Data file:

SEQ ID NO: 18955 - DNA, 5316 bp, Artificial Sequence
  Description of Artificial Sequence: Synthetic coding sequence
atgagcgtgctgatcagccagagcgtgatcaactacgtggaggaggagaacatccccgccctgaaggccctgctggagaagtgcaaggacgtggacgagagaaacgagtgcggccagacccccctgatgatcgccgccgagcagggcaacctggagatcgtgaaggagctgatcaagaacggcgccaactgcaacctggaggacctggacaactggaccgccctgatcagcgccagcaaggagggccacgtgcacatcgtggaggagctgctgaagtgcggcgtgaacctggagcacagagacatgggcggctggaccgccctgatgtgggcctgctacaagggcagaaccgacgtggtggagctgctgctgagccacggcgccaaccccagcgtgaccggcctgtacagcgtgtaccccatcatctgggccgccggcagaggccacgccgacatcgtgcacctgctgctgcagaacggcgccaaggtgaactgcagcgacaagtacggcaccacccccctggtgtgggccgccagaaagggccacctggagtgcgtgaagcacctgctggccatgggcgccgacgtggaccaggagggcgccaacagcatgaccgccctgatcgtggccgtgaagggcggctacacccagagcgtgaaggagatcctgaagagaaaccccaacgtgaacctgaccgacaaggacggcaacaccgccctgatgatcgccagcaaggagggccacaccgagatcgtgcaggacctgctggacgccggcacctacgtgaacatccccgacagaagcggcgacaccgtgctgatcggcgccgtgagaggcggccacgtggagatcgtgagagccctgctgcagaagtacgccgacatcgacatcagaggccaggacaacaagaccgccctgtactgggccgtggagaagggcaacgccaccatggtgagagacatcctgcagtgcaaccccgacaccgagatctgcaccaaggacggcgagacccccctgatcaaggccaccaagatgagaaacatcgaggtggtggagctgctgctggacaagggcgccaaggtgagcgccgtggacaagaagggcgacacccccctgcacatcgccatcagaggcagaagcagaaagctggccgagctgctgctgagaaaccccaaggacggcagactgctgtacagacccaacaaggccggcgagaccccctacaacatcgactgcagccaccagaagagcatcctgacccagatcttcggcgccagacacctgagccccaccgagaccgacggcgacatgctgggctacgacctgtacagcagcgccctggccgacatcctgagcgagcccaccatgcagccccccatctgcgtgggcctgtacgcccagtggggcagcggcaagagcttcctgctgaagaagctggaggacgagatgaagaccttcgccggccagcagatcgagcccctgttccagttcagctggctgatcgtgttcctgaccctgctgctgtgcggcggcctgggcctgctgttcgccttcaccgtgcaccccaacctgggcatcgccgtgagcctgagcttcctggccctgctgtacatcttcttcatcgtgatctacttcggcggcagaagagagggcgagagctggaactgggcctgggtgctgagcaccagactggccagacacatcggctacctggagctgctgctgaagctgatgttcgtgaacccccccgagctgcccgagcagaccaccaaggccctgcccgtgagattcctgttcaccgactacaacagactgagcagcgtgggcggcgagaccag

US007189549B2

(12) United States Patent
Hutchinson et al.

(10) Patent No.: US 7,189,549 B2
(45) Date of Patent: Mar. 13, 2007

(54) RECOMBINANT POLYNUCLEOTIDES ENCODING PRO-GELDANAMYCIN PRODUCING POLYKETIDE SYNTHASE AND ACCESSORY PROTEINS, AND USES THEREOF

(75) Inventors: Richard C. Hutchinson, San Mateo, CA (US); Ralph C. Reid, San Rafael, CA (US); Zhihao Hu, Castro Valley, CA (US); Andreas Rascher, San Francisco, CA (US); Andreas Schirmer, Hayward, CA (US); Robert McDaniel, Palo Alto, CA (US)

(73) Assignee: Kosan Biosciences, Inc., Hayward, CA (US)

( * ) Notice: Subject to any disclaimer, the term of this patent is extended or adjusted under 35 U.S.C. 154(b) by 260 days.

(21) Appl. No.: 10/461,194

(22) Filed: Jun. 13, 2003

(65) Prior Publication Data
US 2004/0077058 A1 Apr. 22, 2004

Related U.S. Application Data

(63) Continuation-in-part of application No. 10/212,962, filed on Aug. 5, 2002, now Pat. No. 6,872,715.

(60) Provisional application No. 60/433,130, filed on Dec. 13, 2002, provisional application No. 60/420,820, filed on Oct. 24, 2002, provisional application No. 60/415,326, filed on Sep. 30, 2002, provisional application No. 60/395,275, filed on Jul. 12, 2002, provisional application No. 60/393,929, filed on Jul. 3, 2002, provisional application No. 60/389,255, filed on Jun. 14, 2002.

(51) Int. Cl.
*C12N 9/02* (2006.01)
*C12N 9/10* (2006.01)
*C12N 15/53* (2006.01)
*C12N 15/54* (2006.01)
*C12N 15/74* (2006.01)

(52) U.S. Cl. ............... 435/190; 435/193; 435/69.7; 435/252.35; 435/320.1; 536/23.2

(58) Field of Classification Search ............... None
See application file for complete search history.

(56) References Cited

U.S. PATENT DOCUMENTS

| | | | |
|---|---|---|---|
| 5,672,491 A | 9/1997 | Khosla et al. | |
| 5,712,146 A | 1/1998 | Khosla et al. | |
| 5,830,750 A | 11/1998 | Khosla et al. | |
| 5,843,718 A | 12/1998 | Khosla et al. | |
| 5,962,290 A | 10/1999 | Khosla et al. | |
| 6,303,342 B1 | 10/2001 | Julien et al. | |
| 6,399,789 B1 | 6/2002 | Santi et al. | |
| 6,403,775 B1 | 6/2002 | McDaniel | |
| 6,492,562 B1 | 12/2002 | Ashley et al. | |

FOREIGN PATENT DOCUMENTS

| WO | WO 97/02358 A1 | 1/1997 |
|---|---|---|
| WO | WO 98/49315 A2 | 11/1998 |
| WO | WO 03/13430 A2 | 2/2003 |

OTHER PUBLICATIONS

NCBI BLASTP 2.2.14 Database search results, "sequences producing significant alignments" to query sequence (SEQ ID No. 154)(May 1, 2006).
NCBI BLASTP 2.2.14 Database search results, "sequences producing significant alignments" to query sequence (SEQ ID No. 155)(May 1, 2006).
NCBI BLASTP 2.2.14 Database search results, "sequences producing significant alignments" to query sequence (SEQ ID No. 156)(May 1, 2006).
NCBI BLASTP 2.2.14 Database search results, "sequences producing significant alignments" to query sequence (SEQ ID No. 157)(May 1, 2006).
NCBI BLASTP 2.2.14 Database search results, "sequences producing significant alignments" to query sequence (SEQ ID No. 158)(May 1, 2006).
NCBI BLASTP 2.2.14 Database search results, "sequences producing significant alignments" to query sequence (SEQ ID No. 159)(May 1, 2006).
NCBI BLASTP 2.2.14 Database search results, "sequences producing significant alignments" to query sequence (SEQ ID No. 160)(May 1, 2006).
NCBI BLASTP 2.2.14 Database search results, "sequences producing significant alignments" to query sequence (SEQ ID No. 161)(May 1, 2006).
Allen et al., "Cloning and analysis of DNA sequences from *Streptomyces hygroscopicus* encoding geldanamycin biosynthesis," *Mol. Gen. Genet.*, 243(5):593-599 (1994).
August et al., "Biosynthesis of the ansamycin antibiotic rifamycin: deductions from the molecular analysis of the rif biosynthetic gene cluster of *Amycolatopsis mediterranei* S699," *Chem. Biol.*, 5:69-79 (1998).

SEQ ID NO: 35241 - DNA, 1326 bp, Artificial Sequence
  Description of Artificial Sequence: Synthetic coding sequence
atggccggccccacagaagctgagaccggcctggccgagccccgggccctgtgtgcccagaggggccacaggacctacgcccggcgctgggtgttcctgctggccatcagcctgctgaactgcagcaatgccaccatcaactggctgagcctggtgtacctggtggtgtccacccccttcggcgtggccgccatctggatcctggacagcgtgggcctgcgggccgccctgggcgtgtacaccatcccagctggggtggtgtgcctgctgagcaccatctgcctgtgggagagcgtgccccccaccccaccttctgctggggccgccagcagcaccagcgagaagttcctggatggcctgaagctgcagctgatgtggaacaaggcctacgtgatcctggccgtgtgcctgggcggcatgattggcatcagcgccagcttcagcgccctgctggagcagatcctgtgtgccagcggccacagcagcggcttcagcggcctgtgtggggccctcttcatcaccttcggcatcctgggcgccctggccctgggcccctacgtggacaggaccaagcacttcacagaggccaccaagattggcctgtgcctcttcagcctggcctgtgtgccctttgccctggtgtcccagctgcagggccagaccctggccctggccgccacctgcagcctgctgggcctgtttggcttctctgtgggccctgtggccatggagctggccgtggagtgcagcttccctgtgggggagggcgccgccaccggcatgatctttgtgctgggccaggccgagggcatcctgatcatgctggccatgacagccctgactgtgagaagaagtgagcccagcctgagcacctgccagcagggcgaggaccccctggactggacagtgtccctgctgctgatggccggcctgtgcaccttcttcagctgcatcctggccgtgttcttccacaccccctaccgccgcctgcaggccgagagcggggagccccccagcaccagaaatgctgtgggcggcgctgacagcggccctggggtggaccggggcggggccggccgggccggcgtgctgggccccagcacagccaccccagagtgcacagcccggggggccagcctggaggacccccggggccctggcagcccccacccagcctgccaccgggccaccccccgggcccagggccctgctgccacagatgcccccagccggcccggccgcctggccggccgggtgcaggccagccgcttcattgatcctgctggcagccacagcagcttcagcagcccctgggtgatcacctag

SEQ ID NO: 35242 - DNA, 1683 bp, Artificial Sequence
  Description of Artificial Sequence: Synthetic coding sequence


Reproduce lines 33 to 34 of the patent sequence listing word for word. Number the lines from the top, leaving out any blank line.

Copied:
| 5,672,491 A | 9/1997 | Khosla et al. | |
| 5,712,146 A | 1/1998 | Khosla et al. | |